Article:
Andy Weathersall the pop shitstorms, fad floods and locks himself away, to emerge with yet another cosmically stellar new piece of work, teaming up with Timothy J Fairplay as Asphodells. An update on the minor A R Kane classic, ‘A Love From Outer Space’ is proper Balearic!
It’s long, moody, but punctuated with beautiful strings, weird dubby sounds, and a revernece for the guitar. It’s a boiling down of some his best bits of work into something fresh. If ever The Scream needed him, it’s now. Sir Andrew of Weatherall, we salute you, your beard and humble genius. Thank you for making it an easy choice for SOTD. Just got to plan next week’s now …
“The underground is over ground, the overground will pull us down.”
So writes Johnny Marr, finally stepping out of the shadow of Morrissey as a songwriter, and indeed a vocalist. Marr pays tribute to the defiance and persistence of young bands in the brutally gung-ho world of the music industry, indeed his acceptance speech for his ‘Godlike Genius’ gong at last week’s NME Awards, encouraged youngsters not to give up on their musical dreams.
Har Mar Superstar (or Sean Matthew Tillmann) has made the first track from his new album Bye Bye 17 available to download for free. And it is incredible.
This will be the first album in four years from Har Mar, to be released on Julian Casablancas’ label Cult Records, May 6th 2013. It was recorded in Austin with Jim Eno (drummer in Spoon, and a huge list of production credits) and a full band, and written in New York City. Tillmann said he “was listening to a lot of Otis Redding and Sam Cooke at the time, and I’ve always been obsessed with those guys.” well it really shows. ‘Lady You Shot Me’ is a cross between ‘Don’t Let Me Down’ by The Beatles and ‘If You Need Me’ by Solomon Burke; it is soulful, powerful and Tillmann’s voice sounds delicious. The instrumentation is spot on and I just cannot stop listening to it.
When you think of Indian music, what springs to mind? Perhaps sitars, bhangra and perhaps some dodgy 1960s psychedelia. Well, how about the saxophone?
This music comes from the Carnatic, or South Indian, tradition of Indian classical music. This is quite different from the Hindustani classical music found in the north of India, which is much more popular outside the country – it’s Hindustani music which boast sitar, sarod and tabla.
Yesterday, whilst restlessly trying to find some music to ease me into yet another week of work, I stumbled across this gem of a track by London six piece The Hics. Their sound is a very chilled, sophisticated blend of electronica. The track starts off with some soulful harmonies, sparse beats and reverb-laden pianos and gradually builds up with shimmering synths and a beautiful accompanying saxophone line.
Ame and Dixon (Innervisions Label) have been championing their deeper-than-the-centre-of-the-earth brand of house music for some time, and it’s finally getting them the wider critical acclaim they deserve. Sexy, beautiful, emotive house is all the rage (again!) However, it’s not just strictly dance music where they find their inspiration for production and set choices.
Okay, you had a hard Monday – I understand that, we all did – so here’s a little track to slap a big grin on your face and to restore your faith in humankind.
Heal the Last Stand are a quartet based in Wrexham, North Wales and they play a sort of mix of American folk music and country, but all of it seen through a thoroughly peaced-out lens. Their all-acoustic sound (from acoustic guitars, acoustic bass and piano) combined with beautiful four-part harmonies and songs that almost literally leak happiness make Heal the Last Stand one of the most uplifting bands around at the moment.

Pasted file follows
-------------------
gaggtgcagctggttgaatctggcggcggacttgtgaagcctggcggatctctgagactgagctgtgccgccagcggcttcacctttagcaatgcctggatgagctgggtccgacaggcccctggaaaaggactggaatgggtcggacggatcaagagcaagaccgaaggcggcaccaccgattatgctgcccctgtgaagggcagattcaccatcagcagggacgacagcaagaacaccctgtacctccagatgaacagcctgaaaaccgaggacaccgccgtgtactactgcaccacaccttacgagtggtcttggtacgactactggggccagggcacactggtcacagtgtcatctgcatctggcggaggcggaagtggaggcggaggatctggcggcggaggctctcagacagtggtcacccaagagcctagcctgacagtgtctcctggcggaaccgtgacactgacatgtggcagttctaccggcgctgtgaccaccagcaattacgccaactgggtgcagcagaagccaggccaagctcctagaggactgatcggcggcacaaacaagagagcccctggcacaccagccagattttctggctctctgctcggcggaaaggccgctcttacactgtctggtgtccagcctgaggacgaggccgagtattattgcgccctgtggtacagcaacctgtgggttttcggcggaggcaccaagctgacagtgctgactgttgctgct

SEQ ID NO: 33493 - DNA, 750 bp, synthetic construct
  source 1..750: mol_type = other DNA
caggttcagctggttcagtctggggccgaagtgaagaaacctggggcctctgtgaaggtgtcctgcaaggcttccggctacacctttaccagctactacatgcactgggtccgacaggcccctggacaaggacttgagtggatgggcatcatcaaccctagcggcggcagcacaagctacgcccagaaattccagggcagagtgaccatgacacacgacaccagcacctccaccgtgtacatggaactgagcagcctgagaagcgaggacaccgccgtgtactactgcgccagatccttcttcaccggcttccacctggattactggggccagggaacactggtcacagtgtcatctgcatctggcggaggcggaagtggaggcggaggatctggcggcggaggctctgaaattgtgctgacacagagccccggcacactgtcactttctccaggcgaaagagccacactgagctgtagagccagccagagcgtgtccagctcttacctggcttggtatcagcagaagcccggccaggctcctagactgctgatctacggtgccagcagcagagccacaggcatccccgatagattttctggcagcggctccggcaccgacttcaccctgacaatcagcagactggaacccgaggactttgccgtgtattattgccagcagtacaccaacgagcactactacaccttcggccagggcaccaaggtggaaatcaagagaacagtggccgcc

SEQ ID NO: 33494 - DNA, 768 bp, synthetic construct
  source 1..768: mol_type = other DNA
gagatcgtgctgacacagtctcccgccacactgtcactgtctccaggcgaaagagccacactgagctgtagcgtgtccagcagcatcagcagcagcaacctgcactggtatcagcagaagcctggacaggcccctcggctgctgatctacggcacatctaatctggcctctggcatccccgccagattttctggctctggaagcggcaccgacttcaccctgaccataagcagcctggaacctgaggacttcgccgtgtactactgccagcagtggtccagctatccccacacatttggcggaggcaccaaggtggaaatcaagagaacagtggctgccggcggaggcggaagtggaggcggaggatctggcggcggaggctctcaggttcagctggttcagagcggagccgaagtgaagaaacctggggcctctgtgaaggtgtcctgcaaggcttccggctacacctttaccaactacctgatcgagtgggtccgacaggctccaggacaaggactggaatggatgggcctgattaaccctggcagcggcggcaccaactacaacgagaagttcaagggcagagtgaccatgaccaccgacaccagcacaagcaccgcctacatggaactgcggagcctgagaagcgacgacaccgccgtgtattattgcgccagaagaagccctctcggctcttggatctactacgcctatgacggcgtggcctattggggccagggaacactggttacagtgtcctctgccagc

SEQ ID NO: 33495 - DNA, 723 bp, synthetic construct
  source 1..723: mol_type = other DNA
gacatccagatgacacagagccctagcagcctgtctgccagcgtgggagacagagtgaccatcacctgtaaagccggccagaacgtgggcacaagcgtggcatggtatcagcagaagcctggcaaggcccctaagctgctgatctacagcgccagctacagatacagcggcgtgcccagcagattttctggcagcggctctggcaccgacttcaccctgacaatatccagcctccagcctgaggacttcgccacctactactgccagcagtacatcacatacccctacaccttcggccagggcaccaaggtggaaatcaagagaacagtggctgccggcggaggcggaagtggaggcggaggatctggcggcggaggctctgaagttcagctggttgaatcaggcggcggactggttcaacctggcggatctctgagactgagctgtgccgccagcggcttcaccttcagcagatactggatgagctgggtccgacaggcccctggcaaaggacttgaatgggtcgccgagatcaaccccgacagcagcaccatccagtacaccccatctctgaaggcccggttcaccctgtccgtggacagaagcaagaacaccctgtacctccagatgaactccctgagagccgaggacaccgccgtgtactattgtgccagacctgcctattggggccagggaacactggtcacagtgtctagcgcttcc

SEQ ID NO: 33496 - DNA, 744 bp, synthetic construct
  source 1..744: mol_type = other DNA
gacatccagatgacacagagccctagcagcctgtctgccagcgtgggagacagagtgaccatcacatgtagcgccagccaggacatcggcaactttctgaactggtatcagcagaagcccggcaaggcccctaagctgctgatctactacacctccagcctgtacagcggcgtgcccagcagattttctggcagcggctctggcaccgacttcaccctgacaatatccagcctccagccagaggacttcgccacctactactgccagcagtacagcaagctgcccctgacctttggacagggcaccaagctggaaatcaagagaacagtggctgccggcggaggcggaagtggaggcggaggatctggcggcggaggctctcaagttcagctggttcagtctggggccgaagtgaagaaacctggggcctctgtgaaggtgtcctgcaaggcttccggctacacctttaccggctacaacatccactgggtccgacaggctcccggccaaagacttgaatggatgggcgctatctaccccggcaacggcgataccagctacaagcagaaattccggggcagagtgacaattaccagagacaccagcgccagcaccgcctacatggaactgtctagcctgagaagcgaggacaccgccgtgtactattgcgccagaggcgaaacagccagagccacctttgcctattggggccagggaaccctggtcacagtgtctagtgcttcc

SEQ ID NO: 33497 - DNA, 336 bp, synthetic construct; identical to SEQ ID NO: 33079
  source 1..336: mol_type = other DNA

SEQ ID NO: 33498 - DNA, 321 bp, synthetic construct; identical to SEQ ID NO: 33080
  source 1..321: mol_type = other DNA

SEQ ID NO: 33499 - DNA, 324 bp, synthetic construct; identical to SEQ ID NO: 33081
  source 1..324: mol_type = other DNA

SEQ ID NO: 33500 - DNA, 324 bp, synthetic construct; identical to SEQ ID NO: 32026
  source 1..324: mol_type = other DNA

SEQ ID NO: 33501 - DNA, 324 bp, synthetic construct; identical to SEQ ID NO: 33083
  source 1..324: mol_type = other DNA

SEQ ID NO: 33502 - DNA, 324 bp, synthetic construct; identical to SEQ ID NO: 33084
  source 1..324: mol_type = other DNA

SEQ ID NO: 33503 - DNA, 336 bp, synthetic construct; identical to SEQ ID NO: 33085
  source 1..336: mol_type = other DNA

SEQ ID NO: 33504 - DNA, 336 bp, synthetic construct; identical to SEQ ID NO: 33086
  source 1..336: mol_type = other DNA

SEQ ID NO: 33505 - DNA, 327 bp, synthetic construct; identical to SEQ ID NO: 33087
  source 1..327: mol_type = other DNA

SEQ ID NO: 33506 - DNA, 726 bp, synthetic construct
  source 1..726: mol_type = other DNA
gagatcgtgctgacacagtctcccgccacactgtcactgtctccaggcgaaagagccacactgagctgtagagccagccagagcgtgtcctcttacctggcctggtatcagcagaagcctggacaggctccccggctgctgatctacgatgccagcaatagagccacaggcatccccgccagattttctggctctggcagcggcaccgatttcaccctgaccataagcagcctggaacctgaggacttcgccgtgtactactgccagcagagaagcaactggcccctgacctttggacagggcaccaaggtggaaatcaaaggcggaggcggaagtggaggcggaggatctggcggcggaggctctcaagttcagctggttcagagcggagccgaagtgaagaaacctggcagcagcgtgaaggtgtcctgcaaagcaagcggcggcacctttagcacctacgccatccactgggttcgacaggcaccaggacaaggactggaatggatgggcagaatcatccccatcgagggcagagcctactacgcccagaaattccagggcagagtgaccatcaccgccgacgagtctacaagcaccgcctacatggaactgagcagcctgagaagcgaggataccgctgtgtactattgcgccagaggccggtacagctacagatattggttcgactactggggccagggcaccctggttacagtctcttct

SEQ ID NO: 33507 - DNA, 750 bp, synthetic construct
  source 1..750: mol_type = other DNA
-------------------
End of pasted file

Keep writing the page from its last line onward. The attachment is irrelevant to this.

So stuff this in your ears, smile at the world and talk to strangers. All together now: “Being good to people is as simple as a smile…”
We hold a very special place in our hearts for celestial electronic projectors In.Motion. They/he/she had the honour of being our very first Song of the Day and it’s one my personal favourites (despite still not knowing who the hell they are six months later). It’s all very evocative music. It pulls at the heart strings, lifts the imagination and is very liable to make music journalists come up with very pretentious metaphors.
‘Bitter Days’ reminds me a lot of the more mellow moments of Jon Hopkins‘ work on the soundtrack to the film Monsters. All the parts by themselves may seem a disconsolate but when they come together its strangely uplifting, like a sudden wave of warmth when remembering all the good memories after a bad break-up (pretentious metaphor – check!)
If you want to whatch a grown man lose the plot, then play him his favourite tune. For me, this includes Me and Giuliani Down by the School Yard (A True Story), a nine minute epic of disco flecked post-punk. with an epic build that drops a special delivery of euphoria on your doorstep. I kid you not, the arms go-a-flailing (at any of the three gigs I’ve seen them play it at!, the kitchen, living room, at bus stops …). People watch out!
However, today’s SOTD is not a retro tune from the faves vault, it’s a brand new offering from !!!, available as a FREE download at their site, with new album out on Warp at the end of April.
The ‘dreamfolk’ band mixed hypnotic electronica with folky roots, strings and instrumentation on their gripping debut Life Size Ghosts, and, to put it simply, I fell absolutely in love with them.
After attending their headlining show at XOYO earlier this week, Mt. Wolf’s new single ‘Hypolight’ (off their new EP of the same name) was the track that kick started my Saturday. Kate Sproule’s breathtaking voice, accompanied with a dreamy electronic backdrop and acoustic guitar, has made me fall in love with the band all over again.
Ease yourself into the weekend and take a listen to ‘Hypolight’ below.